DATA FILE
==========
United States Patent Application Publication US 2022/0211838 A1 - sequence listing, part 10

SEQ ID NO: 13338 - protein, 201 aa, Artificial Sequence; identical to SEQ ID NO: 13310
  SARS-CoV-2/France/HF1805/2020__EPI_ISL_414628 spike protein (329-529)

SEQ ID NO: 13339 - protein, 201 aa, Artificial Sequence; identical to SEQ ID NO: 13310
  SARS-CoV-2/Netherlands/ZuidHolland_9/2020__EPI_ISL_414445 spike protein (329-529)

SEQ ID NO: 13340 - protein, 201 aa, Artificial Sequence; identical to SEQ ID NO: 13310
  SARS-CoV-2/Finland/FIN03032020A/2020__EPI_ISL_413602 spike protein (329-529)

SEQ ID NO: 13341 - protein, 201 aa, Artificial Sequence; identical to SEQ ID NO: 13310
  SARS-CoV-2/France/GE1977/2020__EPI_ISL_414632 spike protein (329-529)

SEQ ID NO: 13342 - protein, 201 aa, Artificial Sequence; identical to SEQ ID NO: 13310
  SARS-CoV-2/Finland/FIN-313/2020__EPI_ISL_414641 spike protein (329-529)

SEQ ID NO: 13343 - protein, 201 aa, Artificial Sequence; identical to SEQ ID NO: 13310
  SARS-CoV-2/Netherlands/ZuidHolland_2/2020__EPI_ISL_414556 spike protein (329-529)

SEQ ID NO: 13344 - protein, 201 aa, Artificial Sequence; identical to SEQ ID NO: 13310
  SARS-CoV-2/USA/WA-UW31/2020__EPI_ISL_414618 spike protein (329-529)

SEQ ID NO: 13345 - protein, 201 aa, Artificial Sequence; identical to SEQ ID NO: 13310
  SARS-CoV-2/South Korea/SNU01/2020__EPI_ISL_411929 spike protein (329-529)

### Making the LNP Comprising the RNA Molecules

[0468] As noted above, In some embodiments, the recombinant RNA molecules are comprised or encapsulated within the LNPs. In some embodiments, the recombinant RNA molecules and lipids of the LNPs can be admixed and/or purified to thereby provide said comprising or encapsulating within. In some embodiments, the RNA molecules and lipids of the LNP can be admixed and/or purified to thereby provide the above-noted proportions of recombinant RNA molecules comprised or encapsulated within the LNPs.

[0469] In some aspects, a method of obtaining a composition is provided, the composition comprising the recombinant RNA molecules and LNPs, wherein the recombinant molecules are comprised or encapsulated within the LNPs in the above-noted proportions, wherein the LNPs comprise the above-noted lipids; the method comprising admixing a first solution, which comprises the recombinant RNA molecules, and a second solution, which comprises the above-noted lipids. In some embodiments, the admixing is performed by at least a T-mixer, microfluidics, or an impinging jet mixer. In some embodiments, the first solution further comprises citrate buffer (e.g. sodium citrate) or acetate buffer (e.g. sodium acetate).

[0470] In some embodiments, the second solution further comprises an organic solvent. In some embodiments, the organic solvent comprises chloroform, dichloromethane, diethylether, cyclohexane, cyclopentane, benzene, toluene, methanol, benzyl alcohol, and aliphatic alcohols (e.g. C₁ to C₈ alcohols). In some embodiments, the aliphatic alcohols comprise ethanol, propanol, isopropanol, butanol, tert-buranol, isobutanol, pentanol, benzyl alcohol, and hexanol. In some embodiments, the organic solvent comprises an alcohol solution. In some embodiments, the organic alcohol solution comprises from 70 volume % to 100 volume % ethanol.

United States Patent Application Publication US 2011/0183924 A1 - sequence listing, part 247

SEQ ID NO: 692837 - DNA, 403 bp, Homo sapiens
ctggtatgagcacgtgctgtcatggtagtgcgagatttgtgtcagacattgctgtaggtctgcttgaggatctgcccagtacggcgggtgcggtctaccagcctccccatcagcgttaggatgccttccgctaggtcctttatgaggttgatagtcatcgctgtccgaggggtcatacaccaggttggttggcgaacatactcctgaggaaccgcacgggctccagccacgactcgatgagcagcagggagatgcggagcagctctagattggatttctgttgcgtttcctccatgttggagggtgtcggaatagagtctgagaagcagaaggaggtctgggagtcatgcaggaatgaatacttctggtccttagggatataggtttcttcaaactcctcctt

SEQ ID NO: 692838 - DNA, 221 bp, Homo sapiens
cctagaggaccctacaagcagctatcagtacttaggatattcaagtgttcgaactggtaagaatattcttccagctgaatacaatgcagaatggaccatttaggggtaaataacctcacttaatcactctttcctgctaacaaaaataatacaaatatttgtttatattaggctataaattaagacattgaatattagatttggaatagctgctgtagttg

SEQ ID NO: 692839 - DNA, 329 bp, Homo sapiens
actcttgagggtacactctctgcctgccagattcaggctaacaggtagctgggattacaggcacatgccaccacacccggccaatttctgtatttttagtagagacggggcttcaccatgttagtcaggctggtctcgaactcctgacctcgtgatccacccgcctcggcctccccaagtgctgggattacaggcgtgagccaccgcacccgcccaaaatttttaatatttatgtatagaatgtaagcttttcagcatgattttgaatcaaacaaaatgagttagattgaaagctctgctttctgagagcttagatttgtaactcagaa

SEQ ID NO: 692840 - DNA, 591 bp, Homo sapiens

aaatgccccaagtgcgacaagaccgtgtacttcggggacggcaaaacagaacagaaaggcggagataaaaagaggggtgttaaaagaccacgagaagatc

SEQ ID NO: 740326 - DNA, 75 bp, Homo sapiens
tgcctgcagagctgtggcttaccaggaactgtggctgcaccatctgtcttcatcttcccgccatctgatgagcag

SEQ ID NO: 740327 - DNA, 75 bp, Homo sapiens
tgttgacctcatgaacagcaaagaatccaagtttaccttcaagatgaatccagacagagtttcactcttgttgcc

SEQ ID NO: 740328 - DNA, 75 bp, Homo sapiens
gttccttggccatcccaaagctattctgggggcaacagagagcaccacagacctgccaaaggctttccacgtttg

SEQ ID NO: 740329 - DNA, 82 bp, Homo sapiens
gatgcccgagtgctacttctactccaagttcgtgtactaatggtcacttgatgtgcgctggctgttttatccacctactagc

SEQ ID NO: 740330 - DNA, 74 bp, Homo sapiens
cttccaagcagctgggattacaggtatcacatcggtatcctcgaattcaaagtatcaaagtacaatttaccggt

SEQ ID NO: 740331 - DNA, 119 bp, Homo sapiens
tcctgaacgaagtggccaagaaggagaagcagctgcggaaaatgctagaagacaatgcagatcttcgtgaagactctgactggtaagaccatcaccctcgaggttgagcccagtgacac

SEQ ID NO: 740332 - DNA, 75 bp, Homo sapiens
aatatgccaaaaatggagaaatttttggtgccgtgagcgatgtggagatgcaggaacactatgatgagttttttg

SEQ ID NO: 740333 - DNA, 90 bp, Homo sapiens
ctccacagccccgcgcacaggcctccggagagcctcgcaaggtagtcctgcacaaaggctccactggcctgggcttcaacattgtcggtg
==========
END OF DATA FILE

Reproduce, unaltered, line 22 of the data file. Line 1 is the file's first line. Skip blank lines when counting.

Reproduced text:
United States Patent Application Publication US 2011/0183924 A1 - sequence listing, part 247